Exploring Auroville’s Botanical Garden

Tags: bio-diversity afforestation conservation indigenous species botanical gardens environmental education outreach tropical dry evergreen forest TDEF
exploring_auroville_botanical_garden_fo_5_mAuroville's Botanical Gardens started in 2000, it is meat as a Tropical Dry Evergreen Forest reserve that stretches over 50 acres. More than 260 species of trees have been planted already. The whole garden is designed for education; every garden has to tell a story that will help kids understand nature better. 

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Exploring Auroville's Botanical Gardens

“That's a wild orange. And this one, Buchanania axillaris, has an edible fruit. We're lucky. It's rare and difficult to germinate but this one came from rootstock. Now over there, the small tree with the beautiful white flowers, is one of my favourites, Cerbera odollam. It never needs watering.”

Paul is leading a small group of us on a tour of Auroville's Botanical Gardens. Work began on the Gardens in August, 2000, and today is an open day to let people see what's been achieved so far. It's quietly impressive. The basic infrastructure includes two wells and an extensive irrigation system, a seed room, two houses under construction, keet huts for volunteer workers, as well as a beautiful thatched education pavilion. Then there is the tree nursery, neat beds of ‘heritage' vegetables and, the core of the Gardens, a 30 acre arboretum and a Tropical Dry Evergreen Forest (TDEF) reserve.

“Most of the basic planting is almost finished,” explains Paul. “We planted the TDEF reserve in the first year and we already have about 260 trees in the arboretum, one of each species. It's not ideal – we should have at least two of each in case one dies or is blown over, but we don't have enough space to do that.” In fact, the original plan was for 100 acres, but only 50 acres have been acquired so far. Paul points to a forbidding grey wall which runs along the northern perimeter. “Behind that are the other 50 acres. We hope Auroville will purchase them soon.”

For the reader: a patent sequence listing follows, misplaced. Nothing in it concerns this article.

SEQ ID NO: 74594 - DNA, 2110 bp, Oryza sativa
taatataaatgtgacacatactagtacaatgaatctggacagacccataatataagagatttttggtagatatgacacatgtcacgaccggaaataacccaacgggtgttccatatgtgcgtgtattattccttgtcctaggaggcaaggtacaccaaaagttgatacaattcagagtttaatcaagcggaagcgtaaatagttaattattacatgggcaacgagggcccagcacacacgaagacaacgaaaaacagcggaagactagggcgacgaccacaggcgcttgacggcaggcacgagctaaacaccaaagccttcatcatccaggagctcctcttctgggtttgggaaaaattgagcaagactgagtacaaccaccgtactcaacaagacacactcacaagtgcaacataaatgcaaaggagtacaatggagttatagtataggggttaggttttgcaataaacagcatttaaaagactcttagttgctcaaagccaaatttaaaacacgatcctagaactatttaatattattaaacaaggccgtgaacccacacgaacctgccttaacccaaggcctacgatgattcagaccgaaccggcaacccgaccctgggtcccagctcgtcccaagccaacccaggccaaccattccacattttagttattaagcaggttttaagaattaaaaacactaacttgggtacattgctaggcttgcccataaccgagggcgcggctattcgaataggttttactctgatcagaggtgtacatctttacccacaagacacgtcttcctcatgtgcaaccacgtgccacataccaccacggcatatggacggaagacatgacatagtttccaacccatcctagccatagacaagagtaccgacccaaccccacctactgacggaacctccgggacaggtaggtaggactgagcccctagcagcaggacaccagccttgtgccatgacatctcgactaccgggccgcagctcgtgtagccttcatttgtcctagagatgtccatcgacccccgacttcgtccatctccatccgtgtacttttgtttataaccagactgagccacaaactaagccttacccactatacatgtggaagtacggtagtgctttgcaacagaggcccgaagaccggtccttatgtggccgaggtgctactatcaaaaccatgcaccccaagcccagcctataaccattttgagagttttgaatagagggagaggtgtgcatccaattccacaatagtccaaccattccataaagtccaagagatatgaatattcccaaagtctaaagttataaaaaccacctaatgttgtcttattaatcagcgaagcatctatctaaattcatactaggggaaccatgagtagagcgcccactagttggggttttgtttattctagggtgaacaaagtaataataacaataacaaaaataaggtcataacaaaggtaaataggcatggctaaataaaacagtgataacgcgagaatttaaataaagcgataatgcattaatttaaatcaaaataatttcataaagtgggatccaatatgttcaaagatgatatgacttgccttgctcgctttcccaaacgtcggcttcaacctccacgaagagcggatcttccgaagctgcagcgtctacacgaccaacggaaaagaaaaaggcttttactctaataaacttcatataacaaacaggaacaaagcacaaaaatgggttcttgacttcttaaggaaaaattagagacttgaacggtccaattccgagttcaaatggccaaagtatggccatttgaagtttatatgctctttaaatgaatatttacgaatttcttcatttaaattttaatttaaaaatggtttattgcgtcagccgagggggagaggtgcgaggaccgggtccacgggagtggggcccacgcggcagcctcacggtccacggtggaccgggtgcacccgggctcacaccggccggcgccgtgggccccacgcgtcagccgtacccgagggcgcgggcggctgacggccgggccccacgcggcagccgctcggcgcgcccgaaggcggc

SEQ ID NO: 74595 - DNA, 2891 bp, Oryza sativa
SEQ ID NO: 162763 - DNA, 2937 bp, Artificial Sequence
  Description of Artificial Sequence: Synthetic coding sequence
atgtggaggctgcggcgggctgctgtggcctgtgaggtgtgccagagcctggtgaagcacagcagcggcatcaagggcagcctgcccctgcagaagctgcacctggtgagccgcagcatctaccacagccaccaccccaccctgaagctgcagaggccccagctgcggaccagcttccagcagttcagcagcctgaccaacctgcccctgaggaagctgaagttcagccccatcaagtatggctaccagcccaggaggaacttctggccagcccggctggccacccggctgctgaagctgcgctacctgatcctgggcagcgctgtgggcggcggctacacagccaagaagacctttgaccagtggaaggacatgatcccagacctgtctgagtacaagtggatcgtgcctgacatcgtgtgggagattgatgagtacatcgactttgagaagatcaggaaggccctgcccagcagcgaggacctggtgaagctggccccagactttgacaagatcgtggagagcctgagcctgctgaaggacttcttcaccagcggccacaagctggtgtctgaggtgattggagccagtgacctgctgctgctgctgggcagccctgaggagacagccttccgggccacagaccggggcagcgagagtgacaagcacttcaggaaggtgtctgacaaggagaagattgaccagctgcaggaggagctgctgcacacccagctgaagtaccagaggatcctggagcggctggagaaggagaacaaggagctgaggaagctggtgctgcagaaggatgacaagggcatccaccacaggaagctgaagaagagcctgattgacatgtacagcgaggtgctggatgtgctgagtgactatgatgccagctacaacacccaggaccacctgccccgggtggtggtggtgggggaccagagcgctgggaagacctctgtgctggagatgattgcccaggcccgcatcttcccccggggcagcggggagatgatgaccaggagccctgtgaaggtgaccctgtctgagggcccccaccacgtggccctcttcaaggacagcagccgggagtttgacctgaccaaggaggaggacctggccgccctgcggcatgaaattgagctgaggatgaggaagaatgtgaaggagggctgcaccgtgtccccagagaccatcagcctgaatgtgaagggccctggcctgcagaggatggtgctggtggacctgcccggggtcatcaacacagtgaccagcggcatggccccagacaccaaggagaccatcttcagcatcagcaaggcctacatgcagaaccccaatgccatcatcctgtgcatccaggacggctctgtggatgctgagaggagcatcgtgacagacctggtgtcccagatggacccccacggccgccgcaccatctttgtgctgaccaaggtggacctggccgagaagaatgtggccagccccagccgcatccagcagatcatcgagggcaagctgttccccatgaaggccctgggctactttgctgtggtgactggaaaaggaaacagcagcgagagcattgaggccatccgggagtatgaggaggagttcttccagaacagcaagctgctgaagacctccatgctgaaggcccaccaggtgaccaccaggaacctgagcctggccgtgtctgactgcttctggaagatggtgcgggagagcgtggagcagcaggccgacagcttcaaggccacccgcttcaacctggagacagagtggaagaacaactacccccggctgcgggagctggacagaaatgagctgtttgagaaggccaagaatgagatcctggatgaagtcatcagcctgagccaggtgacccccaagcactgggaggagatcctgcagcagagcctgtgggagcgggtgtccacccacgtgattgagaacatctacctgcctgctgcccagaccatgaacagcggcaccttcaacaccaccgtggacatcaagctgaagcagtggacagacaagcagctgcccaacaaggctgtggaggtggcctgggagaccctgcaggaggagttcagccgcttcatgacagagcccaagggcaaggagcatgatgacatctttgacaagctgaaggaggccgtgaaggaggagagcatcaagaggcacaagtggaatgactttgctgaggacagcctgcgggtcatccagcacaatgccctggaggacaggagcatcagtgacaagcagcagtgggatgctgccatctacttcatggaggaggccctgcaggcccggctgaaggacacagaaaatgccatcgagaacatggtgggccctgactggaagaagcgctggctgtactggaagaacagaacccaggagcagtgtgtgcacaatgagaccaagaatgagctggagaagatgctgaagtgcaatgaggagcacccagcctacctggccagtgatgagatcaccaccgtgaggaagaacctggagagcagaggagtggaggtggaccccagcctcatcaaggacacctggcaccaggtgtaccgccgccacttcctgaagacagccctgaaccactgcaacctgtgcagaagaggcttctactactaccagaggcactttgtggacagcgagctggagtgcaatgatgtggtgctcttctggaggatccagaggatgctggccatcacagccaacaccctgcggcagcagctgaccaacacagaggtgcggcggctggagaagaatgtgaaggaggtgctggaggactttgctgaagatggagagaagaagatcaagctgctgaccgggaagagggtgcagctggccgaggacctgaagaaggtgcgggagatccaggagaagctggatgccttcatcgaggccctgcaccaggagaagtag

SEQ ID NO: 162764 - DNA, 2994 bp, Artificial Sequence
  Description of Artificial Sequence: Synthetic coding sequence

The idea is that the flowering trees in the arboretum will form a circular walk. Inside them will come smaller specialist gardens of cactus, orchid etc. “Now that the basic infrastructure is there, the specialists are coming in. AuroNevi, who was one of the initiators of the project, moved the orchid nursery here 6 months ago. We'd also like to involve sculptors, painters, to make the gardens lively. Now here, for example....”

We're standing in front of concentric rings of TDEF hedges in which gaps interconnect pathways.“It's a maze. I've been fascinated by mazes since I was a child and I always wanted to make one in Auroville.”It's a clue to what Paul and the other ‘botanicals' are trying to do here: to make nature fun, accessible for the young. “The whole gardens are designed for education: they won't ever be public gardens for tourists. So every garden has to tell a story that will help kids understand nature better. The orchid garden, for example, will be all about how plants and insects evolve together.”

The educational programme has already started. Twice a week students come from New Creation, once a week from Udavi School . The resident teacher is Kundavi who used to teach environmental studies at the Crocodile Farm up the East Coast Road .“It's a perfect environment for learning,” says Paul. “The kids ask ‘What is this TDEF?' We explain. ‘But what does it look like?' We take them to the arboretum to show them specimen trees, then into the TDEF reserve so they can experience what it's like to be in that unique environment. Alternatively we take them to the maze. Inside are paintings of animals, so we can talk about the wildlife of the TDEF. We already have porcupines in the Botanical Gardens!”

The next step, says Paul, is to build an educational centre for exhibitions and showing nature videos. “We see ourselves serving a catchment area of 30 kilometres radius – about 40 schools – so we'll also need a bus. Within 5 years I expect that we'll have 2-3 different groups of schoolchildren visiting the Garden daily. For the really keen ones, we'll start up eco-clubs. We'll take them up the canyons on full moon nights.“Kids don't get taught much about the environment at present. And if they do, it's usually classic clichés about planting more trees because it's good for the planet. Without context, that's just a slogan. Yet you see some kids come here with an incredible interest in nature. So it's all about drawing them out, giving them a place to express that...”

But surely all these plans will cost a rupee or two? “I've written a five year education project for 2 crore rupees (approximately US$ 450,000) which includes an education building and a support staff of seven. At present it costs two and a half lakhs rupees (approx. US$ 5,600) a year to run this place. The nursery almost pays for itself and we get financial help from the Forest Group, but we still have to find one and a half lakhs (US$ 3,370) annually.”

Paul hopes they will get contracts to landscape hotel gardens with drought-resistant TDEF plants and trees. “Then the nursery would start making a profit and contribute to the upkeep of the Gardens. But so far I've found that whenever you really need the money for development and you're ready for it, it comes.”So what, ultimately, is his motivation? To change the world through making as many children as possible environmentally-conscious? “That's too big. All I'm trying, as an individual, is to make a valid contribution. That's a good enough target to head for. And, unlike changing the world or even Tamil Nadu, dealing with kids from forty schools is finite, that's doable.



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